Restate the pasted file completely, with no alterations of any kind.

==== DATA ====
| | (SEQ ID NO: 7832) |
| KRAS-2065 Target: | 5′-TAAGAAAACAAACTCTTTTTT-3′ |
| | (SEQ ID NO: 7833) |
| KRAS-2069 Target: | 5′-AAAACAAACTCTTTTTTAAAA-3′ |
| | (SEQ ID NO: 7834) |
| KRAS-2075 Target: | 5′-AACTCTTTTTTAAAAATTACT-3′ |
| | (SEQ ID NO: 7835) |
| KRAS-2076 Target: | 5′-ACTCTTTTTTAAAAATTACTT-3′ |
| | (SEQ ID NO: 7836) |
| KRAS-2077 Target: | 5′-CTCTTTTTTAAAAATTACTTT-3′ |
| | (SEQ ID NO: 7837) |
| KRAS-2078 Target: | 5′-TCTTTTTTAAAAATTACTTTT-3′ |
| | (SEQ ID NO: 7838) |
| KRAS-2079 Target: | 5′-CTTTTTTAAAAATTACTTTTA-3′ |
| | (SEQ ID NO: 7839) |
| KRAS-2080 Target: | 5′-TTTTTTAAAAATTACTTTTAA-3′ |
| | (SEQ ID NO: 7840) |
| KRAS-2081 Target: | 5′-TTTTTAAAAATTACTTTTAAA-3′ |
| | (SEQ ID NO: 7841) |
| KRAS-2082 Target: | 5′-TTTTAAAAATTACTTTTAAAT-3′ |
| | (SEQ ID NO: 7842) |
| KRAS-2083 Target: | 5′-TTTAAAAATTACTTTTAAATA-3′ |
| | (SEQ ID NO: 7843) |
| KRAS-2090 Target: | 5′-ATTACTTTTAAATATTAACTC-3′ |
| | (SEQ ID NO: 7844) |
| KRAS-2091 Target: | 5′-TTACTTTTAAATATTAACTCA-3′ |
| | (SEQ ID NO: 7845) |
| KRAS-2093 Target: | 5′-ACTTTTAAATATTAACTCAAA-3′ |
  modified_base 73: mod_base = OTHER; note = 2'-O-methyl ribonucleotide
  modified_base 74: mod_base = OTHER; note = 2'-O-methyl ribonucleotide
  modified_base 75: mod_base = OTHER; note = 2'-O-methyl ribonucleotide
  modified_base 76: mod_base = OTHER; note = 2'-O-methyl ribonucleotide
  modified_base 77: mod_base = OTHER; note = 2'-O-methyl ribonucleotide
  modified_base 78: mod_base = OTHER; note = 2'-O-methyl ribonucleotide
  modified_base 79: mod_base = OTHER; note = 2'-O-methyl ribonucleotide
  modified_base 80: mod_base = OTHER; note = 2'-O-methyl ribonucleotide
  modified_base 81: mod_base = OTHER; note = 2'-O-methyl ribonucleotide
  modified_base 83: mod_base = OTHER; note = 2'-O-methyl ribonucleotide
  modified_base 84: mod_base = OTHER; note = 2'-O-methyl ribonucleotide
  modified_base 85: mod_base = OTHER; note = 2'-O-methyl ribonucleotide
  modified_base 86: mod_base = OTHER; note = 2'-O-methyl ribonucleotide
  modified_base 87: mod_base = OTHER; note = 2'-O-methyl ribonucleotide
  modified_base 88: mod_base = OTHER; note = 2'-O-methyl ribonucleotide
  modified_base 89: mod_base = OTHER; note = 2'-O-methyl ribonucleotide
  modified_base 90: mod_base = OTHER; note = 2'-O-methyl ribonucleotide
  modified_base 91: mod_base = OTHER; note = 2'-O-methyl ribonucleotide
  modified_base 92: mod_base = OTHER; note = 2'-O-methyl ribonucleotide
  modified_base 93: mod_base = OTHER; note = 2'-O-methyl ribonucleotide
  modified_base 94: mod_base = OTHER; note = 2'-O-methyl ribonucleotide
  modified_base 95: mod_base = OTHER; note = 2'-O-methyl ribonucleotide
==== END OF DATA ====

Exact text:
| | (SEQ ID NO: 7832) |
| KRAS-2065 Target: | 5′-TAAGAAAACAAACTCTTTTTT-3′ |
| | (SEQ ID NO: 7833) |
| KRAS-2069 Target: | 5′-AAAACAAACTCTTTTTTAAAA-3′ |
| | (SEQ ID NO: 7834) |
| KRAS-2075 Target: | 5′-AACTCTTTTTTAAAAATTACT-3′ |
| | (SEQ ID NO: 7835) |
| KRAS-2076 Target: | 5′-ACTCTTTTTTAAAAATTACTT-3′ |
| | (SEQ ID NO: 7836) |
| KRAS-2077 Target: | 5′-CTCTTTTTTAAAAATTACTTT-3′ |
| | (SEQ ID NO: 7837) |
| KRAS-2078 Target: | 5′-TCTTTTTTAAAAATTACTTTT-3′ |
| | (SEQ ID NO: 7838) |
| KRAS-2079 Target: | 5′-CTTTTTTAAAAATTACTTTTA-3′ |
| | (SEQ ID NO: 7839) |
| KRAS-2080 Target: | 5′-TTTTTTAAAAATTACTTTTAA-3′ |
| | (SEQ ID NO: 7840) |
| KRAS-2081 Target: | 5′-TTTTTAAAAATTACTTTTAAA-3′ |
| | (SEQ ID NO: 7841) |
| KRAS-2082 Target: | 5′-TTTTAAAAATTACTTTTAAAT-3′ |
| | (SEQ ID NO: 7842) |
| KRAS-2083 Target: | 5′-TTTAAAAATTACTTTTAAATA-3′ |
| | (SEQ ID NO: 7843) |
| KRAS-2090 Target: | 5′-ATTACTTTTAAATATTAACTC-3′ |
| | (SEQ ID NO: 7844) |
| KRAS-2091 Target: | 5′-TTACTTTTAAATATTAACTCA-3′ |
| | (SEQ ID NO: 7845) |
| KRAS-2093 Target: | 5′-ACTTTTAAATATTAACTCAAA-3′ |
  modified_base 73: mod_base = OTHER; note = 2'-O-methyl ribonucleotide
  modified_base 74: mod_base = OTHER; note = 2'-O-methyl ribonucleotide
  modified_base 75: mod_base = OTHER; note = 2'-O-methyl ribonucleotide
  modified_base 76: mod_base = OTHER; note = 2'-O-methyl ribonucleotide
  modified_base 77: mod_base = OTHER; note = 2'-O-methyl ribonucleotide
  modified_base 78: mod_base = OTHER; note = 2'-O-methyl ribonucleotide
  modified_base 79: mod_base = OTHER; note = 2'-O-methyl ribonucleotide
  modified_base 80: mod_base = OTHER; note = 2'-O-methyl ribonucleotide
  modified_base 81: mod_base = OTHER; note = 2'-O-methyl ribonucleotide
  modified_base 83: mod_base = OTHER; note = 2'-O-methyl ribonucleotide
  modified_base 84: mod_base = OTHER; note = 2'-O-methyl ribonucleotide
  modified_base 85: mod_base = OTHER; note = 2'-O-methyl ribonucleotide
  modified_base 86: mod_base = OTHER; note = 2'-O-methyl ribonucleotide
  modified_base 87: mod_base = OTHER; note = 2'-O-methyl ribonucleotide
  modified_base 88: mod_base = OTHER; note = 2'-O-methyl ribonucleotide
  modified_base 89: mod_base = OTHER; note = 2'-O-methyl ribonucleotide
  modified_base 90: mod_base = OTHER; note = 2'-O-methyl ribonucleotide
  modified_base 91: mod_base = OTHER; note = 2'-O-methyl ribonucleotide
  modified_base 92: mod_base = OTHER; note = 2'-O-methyl ribonucleotide
  modified_base 93: mod_base = OTHER; note = 2'-O-methyl ribonucleotide
  modified_base 94: mod_base = OTHER; note = 2'-O-methyl ribonucleotide
  modified_base 95: mod_base = OTHER; note = 2'-O-methyl ribonucleotide